Murphy is set to be Colorado's everyday first baseman, which should ease the burden on his body and keep him healthier than last season. He did have a disappointing 2017, but he only played in 91 games and is still one year removed from a season where he drove in 93 runs with a .928 OPS.
Injuries have taken a toll on Murphy and owners shouldn't expect him to get back to his prime numbers with the Nationals. However, the "Coors Field" effect and the strength of the lineup around him should get him close to 20 HR and 160 RBI + runs.
Just make sure you have a backup plan in case of injury.
Jonathan Schoop, Minnesota Twins
What a fall it was for Schoop. After hitting 57 home runs in the 2016-17 seasons, the former Oriole completely fell off the map. He had a down year with Baltimore and was benched after being traded to Milwaukee mid-season.
Schoop signed a one-year deal with the Twins and could be in for a rebound if he can play a full season. His poor 2018 may have resulted from a 70 point drop in BABIP. The drop could have been regression or a result of a nine percent decrease in hard-hit rate from 2017. His batted ball profile is way off his 2017 season but is more or less in line with his 2016 season, where he hit 25 home runs and drove in 82 runs.
Schoop's 2018 struggles may have been caused by a number of things. The oblique injury that cost him nearly a month in April, bad ball luck, or a serious case of Oriole's clubhouse attitude. In any case, Schoop will be the everyday starter for the improved Twins lineup and could easily repeat his 2016.
Players on the Decline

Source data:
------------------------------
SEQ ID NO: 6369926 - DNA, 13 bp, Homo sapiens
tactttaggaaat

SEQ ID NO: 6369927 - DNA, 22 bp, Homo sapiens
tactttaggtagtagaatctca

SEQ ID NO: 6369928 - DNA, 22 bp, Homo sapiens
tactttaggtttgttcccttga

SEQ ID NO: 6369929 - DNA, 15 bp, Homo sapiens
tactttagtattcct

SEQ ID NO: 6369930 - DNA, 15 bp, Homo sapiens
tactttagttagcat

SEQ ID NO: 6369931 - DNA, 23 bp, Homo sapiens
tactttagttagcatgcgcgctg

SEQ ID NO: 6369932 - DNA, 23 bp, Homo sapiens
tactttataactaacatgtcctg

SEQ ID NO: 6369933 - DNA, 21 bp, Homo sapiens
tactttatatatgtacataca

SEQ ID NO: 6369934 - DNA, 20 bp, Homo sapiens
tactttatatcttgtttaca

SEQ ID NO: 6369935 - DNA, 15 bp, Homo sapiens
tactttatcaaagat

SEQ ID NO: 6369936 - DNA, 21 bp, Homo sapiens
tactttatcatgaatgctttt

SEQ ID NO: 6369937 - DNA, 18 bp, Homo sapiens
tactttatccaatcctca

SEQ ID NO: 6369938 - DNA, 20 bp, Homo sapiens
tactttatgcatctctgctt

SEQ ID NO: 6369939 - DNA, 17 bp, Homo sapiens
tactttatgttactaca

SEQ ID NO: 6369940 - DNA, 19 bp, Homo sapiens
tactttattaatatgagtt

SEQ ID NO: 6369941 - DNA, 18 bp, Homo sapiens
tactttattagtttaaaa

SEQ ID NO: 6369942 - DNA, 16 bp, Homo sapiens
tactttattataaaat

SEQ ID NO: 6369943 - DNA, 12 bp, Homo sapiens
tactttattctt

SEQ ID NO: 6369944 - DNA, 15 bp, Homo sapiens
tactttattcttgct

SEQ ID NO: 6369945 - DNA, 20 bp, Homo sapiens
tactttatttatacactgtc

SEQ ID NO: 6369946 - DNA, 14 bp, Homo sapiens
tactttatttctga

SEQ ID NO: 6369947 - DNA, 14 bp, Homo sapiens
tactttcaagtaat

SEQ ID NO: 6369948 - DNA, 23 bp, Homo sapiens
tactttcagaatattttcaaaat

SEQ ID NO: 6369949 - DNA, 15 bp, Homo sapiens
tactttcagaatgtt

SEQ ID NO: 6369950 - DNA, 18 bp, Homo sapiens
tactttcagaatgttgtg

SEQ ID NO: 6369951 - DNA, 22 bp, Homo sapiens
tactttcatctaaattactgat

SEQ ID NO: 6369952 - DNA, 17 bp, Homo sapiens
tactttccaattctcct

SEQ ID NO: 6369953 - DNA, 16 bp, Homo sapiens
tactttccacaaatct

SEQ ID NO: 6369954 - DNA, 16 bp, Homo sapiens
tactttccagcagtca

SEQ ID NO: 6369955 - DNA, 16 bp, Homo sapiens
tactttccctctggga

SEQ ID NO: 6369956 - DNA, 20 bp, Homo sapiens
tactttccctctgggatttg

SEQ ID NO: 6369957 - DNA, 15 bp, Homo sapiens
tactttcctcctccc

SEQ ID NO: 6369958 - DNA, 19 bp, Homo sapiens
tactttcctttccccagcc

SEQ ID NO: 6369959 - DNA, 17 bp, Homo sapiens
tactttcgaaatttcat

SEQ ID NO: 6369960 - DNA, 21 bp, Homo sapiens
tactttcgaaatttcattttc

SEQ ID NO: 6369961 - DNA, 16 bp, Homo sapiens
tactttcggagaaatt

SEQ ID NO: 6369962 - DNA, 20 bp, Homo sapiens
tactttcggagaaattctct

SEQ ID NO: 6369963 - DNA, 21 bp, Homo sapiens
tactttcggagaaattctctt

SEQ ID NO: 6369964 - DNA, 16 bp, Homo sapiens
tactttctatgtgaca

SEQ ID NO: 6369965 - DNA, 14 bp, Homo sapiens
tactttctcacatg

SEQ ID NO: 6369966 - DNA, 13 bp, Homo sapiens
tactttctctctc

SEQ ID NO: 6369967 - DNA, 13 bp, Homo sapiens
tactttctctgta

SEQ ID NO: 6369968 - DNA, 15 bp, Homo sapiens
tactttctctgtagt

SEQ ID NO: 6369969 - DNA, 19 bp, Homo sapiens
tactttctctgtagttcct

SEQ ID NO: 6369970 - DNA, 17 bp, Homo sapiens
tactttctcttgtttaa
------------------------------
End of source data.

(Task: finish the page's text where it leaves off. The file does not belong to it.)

Brian Dozier, Washington Nationals
The fantasy community soured on Dozier after last season. Dealing with injuries all season long, the Nationals new second baseman was unable to replicate his past production, setting or matching five-year lows in HR, SB, runs, average, and OPS.
Some owners would point to his .240 BABIP as reasons for a rebound. However, his injury issues and batted ball profile contain several warning signs. First, his line drive percentage was the second lowest of his major league career. It was at it's lowest, 15.2 percent, in 104 games with the Twins before he brought it up with the Dodgers. Second, his infield fly ball rate soared to 17.1 percent, the second highest mark of his career.
Dozier could see a slight bounceback if healthy, but owners should not expect him to hit over 30 HR or steal with regularity again.
Dee Gordon, Seattle Mariners
The king of the one category contributors. Just a couple of years ago Gordon was being drafted as a borderline second rounder because of his massive contribution in steals. Despite rarely helping owners in other categories, Gordon will always fly off the board earlier than he should.
This year, Gordon might not be capable of carrying the one category he's drafted for. In his first season with the Mariners, Gordons stole just 30 bases, a career low when he plays over 56 games. His previous career low was 10 in 38 games with the Dodgers in 2013.
Gordon finished 2017 a putrid 1.5 percent walk rate and a .304 BABIP, a very low mark for someone with his speed. The former Marlin was also caught stealing at a career-high rate of 29 percent in 2018. He swung at more pitches outside the zone and held a career-worst swinging strike rate at the plate.
Indicators are down all across the board for Gordon, and he will have a tough time scoring runs on a suddenly rebuilding Mariners team. Finding steals is becoming a difficult task, but using a top 100 pick on someone who gives you one category is a waste. Go draft Billy Hamilton if that's your thing.
Players to Avoid
Javier Baez, Chicago Cubs